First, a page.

Significant investments by governments on behalf of military robotic applications are literally driving autonomous robotic technologies full speed ahead toward the vision of a battlefield where humans and machines team as partners. Robots and unmanned vehicles, which have been part of the military landscape for some time, are increasingly used by all four branches of the U.S. military as well as by military forces around the world. Advances in electronic hardware and software support a trend of greater autonomy in these machines, making them more independent from the humans who create them. Military requirements for reduced size, weight, and power (SWaP) also make UAVs, UGVs, and ground robots smaller and lighter.
Traditionally, UAVs and Mobile Robots are viewed as two separate entities. However, upon closer examination of their synergies, a more unified conception of a closely-coupled system of the two could easily justify a view where both are just seen as separable parts of the body of a unitary hybrid symbiotic system – essentially, one robotic entity, whose body parts can separate temporarily, and get together again later.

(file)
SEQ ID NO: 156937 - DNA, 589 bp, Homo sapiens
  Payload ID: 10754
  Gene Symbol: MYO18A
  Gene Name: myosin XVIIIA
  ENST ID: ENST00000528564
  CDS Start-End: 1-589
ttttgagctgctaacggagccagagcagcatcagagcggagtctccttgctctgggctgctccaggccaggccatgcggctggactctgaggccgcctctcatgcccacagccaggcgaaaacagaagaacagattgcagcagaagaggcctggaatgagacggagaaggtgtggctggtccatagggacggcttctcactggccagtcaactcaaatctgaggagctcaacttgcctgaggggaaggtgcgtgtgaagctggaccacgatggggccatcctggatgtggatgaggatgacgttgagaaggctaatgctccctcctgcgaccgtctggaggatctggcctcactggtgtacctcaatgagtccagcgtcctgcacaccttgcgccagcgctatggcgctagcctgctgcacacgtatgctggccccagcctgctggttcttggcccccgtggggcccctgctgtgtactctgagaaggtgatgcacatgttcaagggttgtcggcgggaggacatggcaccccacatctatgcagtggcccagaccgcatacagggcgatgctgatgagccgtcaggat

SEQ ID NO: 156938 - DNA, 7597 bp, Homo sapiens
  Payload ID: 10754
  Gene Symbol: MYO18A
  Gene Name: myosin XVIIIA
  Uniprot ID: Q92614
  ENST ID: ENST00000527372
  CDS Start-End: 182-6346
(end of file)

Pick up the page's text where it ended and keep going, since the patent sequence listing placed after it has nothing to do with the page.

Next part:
Unmanned Aerial Vehicles are limited by strong constraints regarding their capability of carrying large loads in relation to their size. Furthermore, their flight time and range limitations are also subject to such constraints, even more so for the case of VTOL aircraft which require large amounts of energy even for hovering to a point. Such limitations are also one of the main reasons that engineers often under-instrument UAVs, without being able to include in their payload heavy or energy-hungry sensor, actuator, communication or processing sub-systems, given weight and energy constraints. However, UAVs still have a lot of advantages in comparison to mobile robots: they have the capability of a large 3-D workspace which usually has much fewer obstacles, can often have much higher instantaneous velocities as compared to ground vehicles. Most importantly, they can observe a much larger